This is the first in my series of blogs looking at big win strategies that will give us maximum gains from our training.
If I told you that there was a magic pill that would not only improve your training and performance, but also make you feel better, make you more productive at work, probably even improve your relationships, and it is absolutely free, you’d jump at it. The only problem is it takes a bit of discipline to make it work.
Our bodies recover from training when we sleep. If we don’t sleep long enough or get enough quality (REM) sleep then our recovery is compromised. So if you do a really hard session, but then don’t get a good night’s sleep, you’ve reduced the benefits of that training session.
In general we need at least 8 hours sleep, and ideally in tune with the daylight so from around 10pm-6am (although obviously in the UK you won’t get daylight year round then!). Everyone is different but sleep scientists all agree on the fact that there’s very few people who function effectively on 5-6 hours or less (you might think you do, but when was the last time you consistently got more?)
Of course, we all have a million factors that stop us getting a good night sleep – work, kids, problems getting to sleep, neighbours, snoring partners etc, many of which we feel are beyond our control. But there’s usually at least a few things we can do to improve things. And even those of us who feel we do well in terms of the number of hours of sleep can probably improve the quality.
Are you looking at your phone or a bright light in the few hours before bed?
Do you take your phone to bed?
Are you working or training or eating in the hours before bed?
Could you go to bed earlier?
Are you regularly drinking alcohol in the evening?
The more that you can do to prepare your body for sleep in the hours before bed, the sooner you’ll get to sleep and the more effective that sleep will be. We often think that we need that time in front of the tv with a glass of wine to decompress from the day before bedtime. But if we get in the habit of changing this for some chill out time in bed with a book and a subtle light we can improve the quality of our sleep and (overtime) feel less stressed and less in need of the tv and wine.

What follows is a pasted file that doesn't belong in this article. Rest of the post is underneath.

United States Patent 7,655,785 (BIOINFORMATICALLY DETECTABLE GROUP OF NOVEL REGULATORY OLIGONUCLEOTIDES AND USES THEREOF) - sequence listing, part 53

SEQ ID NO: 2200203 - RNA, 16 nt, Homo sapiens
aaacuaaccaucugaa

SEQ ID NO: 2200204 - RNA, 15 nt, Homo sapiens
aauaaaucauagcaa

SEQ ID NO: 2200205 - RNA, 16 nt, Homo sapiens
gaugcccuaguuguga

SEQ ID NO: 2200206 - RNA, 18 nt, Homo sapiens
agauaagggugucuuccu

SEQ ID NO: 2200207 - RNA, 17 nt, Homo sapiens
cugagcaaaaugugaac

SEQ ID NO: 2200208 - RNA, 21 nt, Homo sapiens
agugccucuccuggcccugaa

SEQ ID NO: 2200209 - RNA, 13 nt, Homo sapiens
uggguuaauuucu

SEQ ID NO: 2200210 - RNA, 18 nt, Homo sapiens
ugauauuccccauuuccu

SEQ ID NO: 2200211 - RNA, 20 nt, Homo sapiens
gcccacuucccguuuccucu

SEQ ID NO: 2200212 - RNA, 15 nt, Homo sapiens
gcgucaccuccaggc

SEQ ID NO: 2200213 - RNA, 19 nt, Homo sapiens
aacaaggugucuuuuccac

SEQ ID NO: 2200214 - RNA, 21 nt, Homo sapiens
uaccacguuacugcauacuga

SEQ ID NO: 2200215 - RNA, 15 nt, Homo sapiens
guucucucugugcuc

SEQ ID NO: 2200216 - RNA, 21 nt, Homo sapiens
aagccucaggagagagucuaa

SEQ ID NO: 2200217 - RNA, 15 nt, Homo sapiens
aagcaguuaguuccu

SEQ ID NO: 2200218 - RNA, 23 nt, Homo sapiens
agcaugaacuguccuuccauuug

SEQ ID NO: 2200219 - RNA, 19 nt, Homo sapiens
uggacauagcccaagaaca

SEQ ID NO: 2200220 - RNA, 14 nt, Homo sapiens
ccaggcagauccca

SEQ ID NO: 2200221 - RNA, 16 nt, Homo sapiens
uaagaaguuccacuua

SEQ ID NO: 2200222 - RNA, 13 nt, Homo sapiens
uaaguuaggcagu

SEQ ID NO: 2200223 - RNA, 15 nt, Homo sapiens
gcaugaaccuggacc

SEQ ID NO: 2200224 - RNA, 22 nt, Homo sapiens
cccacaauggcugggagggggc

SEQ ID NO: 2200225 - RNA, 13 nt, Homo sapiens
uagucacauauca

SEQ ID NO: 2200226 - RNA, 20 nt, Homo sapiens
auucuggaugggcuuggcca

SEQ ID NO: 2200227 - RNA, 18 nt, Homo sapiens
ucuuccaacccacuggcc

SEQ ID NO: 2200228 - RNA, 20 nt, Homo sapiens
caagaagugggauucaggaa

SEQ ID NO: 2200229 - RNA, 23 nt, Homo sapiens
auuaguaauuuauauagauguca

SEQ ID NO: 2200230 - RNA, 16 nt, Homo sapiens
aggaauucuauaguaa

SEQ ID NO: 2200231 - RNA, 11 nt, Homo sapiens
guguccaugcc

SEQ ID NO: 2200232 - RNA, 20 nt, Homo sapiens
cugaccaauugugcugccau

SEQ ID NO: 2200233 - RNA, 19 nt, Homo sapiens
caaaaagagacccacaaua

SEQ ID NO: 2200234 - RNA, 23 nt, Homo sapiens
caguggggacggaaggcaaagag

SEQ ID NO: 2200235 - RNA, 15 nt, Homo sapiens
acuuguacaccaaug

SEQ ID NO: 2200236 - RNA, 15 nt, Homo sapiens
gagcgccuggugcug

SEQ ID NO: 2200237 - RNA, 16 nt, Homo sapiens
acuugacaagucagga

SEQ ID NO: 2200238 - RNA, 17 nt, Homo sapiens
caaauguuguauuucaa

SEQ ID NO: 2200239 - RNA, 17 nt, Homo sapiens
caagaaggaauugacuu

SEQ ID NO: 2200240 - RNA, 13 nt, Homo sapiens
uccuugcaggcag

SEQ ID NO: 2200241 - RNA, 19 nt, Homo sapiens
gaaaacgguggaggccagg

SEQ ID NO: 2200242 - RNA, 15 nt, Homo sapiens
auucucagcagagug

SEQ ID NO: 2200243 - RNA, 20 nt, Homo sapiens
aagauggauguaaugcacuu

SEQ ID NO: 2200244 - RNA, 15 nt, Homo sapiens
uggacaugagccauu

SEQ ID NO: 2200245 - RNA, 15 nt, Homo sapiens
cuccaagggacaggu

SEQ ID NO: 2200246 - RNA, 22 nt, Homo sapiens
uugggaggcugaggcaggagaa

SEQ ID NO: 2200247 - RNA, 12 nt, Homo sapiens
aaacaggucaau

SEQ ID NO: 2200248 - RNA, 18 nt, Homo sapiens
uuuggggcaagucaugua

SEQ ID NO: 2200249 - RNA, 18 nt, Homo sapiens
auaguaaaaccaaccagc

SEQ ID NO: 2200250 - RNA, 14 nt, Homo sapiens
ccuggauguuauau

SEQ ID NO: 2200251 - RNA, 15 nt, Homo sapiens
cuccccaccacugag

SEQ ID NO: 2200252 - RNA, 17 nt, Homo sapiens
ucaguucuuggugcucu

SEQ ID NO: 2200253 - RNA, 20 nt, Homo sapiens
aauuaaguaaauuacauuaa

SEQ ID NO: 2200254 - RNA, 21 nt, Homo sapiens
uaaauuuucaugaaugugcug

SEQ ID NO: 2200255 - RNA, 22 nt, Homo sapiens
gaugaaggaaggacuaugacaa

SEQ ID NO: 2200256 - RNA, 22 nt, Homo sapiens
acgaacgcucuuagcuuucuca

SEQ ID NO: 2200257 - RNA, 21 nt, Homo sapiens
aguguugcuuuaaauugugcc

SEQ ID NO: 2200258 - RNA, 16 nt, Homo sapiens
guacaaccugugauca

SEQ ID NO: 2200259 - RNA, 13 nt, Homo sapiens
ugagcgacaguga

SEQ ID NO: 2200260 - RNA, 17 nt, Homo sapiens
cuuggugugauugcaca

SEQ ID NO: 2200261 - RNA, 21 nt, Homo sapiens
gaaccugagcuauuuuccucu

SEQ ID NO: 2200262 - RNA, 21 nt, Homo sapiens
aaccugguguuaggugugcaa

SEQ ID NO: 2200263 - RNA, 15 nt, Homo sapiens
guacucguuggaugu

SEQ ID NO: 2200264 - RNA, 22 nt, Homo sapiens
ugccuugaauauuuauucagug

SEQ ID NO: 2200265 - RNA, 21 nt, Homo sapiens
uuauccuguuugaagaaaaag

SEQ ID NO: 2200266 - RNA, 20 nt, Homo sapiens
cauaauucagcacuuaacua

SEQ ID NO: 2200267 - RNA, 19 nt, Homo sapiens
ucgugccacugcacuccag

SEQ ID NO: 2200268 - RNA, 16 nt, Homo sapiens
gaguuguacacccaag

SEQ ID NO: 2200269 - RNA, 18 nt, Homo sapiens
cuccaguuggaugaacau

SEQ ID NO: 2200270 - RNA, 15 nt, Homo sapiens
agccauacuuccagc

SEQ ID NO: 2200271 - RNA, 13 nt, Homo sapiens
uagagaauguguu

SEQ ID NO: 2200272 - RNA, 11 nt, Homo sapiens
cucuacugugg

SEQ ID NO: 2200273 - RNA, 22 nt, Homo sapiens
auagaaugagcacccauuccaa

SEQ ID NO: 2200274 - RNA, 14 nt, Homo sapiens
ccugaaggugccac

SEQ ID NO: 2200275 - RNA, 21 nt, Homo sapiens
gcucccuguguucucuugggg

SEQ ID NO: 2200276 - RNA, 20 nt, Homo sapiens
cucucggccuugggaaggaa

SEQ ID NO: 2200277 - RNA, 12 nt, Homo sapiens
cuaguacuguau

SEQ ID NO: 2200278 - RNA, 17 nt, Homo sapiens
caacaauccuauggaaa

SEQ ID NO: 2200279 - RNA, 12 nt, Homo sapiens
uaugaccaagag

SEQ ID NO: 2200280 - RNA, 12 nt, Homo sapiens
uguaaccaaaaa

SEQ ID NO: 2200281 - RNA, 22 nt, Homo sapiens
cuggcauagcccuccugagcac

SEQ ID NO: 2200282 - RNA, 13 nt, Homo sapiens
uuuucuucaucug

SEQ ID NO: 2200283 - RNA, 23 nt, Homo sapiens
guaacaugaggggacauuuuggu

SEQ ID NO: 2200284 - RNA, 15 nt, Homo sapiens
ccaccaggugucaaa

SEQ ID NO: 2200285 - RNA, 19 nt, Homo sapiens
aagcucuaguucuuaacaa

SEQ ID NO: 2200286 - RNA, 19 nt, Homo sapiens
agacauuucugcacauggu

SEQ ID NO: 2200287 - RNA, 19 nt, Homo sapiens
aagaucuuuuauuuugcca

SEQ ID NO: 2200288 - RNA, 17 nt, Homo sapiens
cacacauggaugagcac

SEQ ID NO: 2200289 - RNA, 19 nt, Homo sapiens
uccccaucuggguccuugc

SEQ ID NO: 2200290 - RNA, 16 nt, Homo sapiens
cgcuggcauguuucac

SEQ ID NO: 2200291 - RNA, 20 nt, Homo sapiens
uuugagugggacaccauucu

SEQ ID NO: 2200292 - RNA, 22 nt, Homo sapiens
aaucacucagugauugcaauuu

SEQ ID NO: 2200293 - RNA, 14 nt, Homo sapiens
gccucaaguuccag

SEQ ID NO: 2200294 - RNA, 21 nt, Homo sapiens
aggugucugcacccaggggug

If we’re in the habit of scrolling through our phone before bed or if we wake in the night, the bright light and the mental stimulation (especially if looking at work emails) is giving our brain exactly the opposite signal to ‘relax and get ready to sleep’, and even if we do drift off, the sleep quality is reduced.
Think about your evening routine and see if there’s any changes you can make.
They don’t have to be drastic - 15 mins earlier each day is almost 2 hours over the course of the week.
Don’t aim for perfection - just something better than the current situation.
Give it time – changes wont happen overnight, it will take time for your body to get used to new habits and to start to feel the benefits.
Reset – if you have a late night one night, don’t give up and wait til next Monday to start again, just get going again when you can.
If you get thrown off, try not to drift into later morning wake ups. Of course this is useful if you’ve had a bad night’s sleep, but the more you do it, the more you’ll struggle to sleep that evening.
Napping isn’t just for cats.
It’s an incredibly powerful tool to use if you’re able. Lots of the top sports centres and City gyms are installing sleep pods so that clients can grab a quick 40 winks. It can feel lazy and like we don’t have time for it, but if you’re able a quick nap it can rejuvenate you and help you get far more out of the time you have left.
Ready for the next big win? Next up it's Consistency.
Want some help on putting these tips into practice? All of my training plans include regular coaching calls where we discuss issues such as improving your sleep routines, as well as ongoing support to make sure that you're cutting through the headlines and marketing hype to implement the changes that will most support your training. Find out more about my training plans.